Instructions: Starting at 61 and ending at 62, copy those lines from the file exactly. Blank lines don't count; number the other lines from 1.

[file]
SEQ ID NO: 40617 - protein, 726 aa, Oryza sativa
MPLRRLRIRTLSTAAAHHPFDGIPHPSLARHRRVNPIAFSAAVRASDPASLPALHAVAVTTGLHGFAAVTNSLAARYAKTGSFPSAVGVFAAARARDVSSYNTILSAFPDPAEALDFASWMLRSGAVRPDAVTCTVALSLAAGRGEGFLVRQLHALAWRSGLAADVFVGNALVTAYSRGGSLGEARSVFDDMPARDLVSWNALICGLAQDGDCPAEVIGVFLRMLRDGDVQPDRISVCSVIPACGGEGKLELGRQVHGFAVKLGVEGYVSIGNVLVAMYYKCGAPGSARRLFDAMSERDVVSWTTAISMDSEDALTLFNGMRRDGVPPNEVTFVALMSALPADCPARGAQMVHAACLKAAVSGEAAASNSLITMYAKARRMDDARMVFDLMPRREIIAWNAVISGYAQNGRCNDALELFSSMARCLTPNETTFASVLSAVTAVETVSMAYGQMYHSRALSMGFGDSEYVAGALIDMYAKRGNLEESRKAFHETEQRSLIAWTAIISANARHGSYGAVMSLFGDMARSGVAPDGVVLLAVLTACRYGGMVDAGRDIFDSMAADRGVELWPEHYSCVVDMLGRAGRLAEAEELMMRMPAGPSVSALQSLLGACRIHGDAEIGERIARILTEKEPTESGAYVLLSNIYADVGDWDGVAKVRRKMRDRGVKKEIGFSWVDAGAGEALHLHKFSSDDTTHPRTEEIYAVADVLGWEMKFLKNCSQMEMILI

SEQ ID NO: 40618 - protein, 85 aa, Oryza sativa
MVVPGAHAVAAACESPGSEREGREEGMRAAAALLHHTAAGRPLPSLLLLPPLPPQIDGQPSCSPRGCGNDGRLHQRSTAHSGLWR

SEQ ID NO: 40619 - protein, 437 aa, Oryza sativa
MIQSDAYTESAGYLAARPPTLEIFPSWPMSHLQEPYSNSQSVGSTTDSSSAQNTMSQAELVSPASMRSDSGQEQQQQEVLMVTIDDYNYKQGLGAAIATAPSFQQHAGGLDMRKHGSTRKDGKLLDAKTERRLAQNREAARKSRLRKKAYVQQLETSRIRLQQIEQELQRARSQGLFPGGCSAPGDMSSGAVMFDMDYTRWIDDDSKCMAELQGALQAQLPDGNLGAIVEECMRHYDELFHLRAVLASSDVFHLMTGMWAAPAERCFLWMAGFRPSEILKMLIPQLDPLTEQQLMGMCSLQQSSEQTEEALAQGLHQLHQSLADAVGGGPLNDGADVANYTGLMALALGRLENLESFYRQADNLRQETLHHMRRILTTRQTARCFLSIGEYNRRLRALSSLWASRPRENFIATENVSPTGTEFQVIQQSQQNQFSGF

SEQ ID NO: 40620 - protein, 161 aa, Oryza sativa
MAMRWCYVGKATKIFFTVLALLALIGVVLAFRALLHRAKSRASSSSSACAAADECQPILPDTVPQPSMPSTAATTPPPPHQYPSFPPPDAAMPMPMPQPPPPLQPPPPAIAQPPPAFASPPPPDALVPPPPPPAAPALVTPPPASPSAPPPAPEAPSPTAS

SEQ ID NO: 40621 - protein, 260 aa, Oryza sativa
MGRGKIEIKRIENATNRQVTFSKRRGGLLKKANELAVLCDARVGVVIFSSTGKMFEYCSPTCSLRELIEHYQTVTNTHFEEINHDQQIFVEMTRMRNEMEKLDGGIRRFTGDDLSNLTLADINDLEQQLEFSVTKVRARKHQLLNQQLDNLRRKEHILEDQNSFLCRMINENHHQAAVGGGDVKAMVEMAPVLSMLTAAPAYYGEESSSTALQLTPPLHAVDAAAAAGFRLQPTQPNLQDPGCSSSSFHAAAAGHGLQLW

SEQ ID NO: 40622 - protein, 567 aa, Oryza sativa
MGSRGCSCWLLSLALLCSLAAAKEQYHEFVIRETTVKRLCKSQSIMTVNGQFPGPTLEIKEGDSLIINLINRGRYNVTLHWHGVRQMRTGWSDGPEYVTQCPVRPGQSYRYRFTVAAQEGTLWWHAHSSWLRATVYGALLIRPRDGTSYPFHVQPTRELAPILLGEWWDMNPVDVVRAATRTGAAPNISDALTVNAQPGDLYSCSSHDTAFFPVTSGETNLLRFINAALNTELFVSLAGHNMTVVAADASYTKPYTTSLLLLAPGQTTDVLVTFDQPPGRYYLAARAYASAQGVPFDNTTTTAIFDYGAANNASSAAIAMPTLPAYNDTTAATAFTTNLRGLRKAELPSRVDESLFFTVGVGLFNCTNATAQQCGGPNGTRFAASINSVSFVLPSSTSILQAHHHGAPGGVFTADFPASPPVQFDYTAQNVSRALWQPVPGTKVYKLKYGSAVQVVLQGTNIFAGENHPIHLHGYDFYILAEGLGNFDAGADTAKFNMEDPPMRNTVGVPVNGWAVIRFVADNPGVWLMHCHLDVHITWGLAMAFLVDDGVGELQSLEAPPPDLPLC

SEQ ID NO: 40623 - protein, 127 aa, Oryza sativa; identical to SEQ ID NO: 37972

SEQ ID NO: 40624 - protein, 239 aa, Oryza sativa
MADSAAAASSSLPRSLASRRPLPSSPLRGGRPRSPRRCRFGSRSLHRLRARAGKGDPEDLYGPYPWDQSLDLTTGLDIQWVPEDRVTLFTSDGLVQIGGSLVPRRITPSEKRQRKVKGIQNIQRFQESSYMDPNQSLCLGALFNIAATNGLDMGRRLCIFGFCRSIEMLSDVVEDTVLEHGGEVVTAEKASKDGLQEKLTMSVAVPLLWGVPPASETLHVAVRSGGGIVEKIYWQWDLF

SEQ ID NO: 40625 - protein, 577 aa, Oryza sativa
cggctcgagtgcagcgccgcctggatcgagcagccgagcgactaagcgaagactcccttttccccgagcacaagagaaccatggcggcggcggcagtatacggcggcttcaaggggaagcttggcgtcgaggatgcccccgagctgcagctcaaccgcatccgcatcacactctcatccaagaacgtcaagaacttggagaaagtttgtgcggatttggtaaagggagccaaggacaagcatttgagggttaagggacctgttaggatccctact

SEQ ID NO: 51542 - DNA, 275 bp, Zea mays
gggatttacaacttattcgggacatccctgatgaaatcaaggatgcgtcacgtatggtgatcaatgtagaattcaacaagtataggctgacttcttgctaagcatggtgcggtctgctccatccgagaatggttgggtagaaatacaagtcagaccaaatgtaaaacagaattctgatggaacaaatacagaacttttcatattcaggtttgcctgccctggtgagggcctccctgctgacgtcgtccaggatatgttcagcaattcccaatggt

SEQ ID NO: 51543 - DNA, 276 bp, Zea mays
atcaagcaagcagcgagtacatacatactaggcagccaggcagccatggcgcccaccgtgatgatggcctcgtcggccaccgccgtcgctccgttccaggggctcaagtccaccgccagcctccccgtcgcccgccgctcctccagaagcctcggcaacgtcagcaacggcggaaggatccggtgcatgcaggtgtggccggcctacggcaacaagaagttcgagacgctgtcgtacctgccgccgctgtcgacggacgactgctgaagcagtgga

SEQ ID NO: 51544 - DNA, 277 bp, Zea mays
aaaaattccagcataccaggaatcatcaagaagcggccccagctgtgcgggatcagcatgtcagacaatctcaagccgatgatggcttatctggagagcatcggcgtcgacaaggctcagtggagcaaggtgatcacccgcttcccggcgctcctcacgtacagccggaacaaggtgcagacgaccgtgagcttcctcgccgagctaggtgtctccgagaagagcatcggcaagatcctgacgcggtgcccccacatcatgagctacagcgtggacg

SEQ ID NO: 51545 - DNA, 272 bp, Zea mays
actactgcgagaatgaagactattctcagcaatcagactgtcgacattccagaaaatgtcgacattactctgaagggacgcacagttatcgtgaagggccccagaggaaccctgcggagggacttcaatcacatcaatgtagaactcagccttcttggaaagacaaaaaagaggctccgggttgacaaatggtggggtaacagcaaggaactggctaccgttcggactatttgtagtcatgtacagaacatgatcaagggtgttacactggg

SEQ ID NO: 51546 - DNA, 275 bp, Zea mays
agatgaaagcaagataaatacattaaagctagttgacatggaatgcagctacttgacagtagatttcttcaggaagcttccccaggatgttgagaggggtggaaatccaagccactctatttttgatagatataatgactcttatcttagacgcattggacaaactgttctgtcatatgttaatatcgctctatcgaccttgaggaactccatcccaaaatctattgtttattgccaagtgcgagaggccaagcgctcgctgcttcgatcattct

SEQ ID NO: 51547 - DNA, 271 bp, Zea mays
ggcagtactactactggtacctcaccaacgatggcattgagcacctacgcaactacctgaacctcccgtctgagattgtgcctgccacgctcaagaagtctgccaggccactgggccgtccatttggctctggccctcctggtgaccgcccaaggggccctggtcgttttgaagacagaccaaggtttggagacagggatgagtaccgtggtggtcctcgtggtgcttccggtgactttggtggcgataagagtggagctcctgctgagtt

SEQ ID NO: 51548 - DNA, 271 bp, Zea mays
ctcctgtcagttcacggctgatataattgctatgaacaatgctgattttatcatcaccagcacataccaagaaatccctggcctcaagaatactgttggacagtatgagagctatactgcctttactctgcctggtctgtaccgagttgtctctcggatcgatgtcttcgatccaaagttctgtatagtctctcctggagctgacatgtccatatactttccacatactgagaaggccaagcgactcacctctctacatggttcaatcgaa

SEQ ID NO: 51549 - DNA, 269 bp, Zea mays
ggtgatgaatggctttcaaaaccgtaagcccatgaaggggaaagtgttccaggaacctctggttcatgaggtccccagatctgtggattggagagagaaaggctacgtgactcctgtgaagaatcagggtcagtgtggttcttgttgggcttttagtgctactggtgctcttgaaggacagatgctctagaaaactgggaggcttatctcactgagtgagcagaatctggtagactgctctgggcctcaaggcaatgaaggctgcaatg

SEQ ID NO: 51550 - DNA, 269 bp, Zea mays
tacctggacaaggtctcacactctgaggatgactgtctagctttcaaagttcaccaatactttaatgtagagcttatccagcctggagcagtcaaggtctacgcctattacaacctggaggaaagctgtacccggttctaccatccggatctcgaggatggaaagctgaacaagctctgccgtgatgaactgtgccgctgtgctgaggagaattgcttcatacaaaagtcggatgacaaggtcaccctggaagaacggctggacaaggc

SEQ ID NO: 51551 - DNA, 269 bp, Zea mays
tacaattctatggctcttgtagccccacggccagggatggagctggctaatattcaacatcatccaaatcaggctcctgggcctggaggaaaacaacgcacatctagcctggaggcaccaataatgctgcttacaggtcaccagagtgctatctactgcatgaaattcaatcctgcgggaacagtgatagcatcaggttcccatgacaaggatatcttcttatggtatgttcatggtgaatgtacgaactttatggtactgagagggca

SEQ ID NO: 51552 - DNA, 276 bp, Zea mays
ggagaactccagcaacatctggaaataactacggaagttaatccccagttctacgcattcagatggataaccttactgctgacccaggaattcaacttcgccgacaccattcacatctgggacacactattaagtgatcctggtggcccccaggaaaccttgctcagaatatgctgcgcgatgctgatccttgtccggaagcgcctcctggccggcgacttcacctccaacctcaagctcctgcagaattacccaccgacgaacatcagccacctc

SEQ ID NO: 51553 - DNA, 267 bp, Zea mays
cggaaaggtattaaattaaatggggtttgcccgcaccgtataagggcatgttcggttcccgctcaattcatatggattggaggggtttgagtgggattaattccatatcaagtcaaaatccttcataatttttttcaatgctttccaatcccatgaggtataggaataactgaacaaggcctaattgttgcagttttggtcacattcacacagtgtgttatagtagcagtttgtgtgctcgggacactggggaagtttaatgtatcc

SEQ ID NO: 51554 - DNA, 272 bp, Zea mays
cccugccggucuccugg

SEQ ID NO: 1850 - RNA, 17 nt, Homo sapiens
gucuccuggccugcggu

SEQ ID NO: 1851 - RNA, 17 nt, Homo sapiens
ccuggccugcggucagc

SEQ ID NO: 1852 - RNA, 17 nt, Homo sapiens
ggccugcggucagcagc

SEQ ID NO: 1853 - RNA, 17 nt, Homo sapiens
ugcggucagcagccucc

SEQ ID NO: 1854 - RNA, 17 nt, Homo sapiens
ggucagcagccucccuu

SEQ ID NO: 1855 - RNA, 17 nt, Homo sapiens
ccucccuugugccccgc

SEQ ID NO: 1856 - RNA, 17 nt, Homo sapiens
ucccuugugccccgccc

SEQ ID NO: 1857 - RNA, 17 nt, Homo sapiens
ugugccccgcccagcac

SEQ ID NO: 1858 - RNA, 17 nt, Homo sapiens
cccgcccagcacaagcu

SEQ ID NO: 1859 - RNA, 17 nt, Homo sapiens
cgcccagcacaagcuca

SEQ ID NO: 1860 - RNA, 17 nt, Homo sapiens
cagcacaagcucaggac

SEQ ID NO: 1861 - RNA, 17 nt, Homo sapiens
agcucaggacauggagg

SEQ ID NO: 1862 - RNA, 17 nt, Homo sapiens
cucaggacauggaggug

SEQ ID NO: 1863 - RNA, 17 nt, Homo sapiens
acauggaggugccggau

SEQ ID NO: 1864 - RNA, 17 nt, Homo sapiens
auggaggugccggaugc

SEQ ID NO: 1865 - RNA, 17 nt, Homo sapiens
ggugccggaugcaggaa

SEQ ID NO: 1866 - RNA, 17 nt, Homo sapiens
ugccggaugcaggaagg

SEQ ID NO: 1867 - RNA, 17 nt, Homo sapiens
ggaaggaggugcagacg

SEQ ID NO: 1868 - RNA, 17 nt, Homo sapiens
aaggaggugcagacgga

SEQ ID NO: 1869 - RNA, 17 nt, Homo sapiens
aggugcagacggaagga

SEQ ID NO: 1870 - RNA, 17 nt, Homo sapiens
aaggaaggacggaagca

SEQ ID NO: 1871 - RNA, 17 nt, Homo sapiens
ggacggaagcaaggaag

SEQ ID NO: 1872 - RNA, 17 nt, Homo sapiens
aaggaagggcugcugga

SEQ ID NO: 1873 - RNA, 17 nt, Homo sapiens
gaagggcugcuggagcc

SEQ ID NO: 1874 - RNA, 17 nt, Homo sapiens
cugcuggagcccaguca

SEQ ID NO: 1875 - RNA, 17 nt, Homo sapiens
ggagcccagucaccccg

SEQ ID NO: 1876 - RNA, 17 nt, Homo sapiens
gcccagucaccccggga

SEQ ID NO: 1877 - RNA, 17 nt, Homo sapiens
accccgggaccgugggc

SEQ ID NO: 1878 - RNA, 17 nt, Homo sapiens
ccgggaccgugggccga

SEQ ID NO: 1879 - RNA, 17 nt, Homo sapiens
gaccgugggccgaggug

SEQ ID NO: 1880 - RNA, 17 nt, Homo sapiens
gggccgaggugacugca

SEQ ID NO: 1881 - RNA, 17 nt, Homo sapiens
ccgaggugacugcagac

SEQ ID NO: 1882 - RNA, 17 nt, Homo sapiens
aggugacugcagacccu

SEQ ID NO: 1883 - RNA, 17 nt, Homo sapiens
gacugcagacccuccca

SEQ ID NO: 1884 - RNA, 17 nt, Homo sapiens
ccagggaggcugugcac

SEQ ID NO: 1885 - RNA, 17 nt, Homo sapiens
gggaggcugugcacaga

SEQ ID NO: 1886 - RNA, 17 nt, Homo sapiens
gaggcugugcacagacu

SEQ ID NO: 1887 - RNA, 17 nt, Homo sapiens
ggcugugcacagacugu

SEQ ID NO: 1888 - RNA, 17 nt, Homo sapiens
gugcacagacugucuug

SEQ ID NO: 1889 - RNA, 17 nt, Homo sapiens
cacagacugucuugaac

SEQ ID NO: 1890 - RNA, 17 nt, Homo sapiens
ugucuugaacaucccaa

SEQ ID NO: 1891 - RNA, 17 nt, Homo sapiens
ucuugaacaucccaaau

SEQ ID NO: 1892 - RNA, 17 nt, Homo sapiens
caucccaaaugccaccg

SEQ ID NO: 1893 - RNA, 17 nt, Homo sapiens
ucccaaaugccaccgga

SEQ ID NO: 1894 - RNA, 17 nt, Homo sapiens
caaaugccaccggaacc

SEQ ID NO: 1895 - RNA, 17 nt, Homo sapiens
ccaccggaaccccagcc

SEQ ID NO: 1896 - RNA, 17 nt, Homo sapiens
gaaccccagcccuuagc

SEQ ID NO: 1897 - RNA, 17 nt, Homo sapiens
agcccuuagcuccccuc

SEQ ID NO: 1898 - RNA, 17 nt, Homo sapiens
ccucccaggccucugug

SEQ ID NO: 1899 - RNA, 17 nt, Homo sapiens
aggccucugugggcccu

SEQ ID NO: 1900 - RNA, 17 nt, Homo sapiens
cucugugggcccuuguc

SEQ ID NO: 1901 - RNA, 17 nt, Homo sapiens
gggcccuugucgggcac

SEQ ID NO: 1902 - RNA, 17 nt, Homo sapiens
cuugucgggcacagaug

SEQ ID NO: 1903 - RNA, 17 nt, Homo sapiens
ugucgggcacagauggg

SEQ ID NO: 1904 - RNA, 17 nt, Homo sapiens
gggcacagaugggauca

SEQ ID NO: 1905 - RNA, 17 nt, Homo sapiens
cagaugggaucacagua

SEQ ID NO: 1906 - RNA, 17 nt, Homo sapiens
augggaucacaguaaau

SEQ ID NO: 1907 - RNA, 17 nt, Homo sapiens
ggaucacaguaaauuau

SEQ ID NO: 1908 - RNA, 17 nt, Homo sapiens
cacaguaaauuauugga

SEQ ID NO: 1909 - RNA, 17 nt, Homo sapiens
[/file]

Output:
cccgcccagcacaagcu

SEQ ID NO: 1859 - RNA, 17 nt, Homo sapiens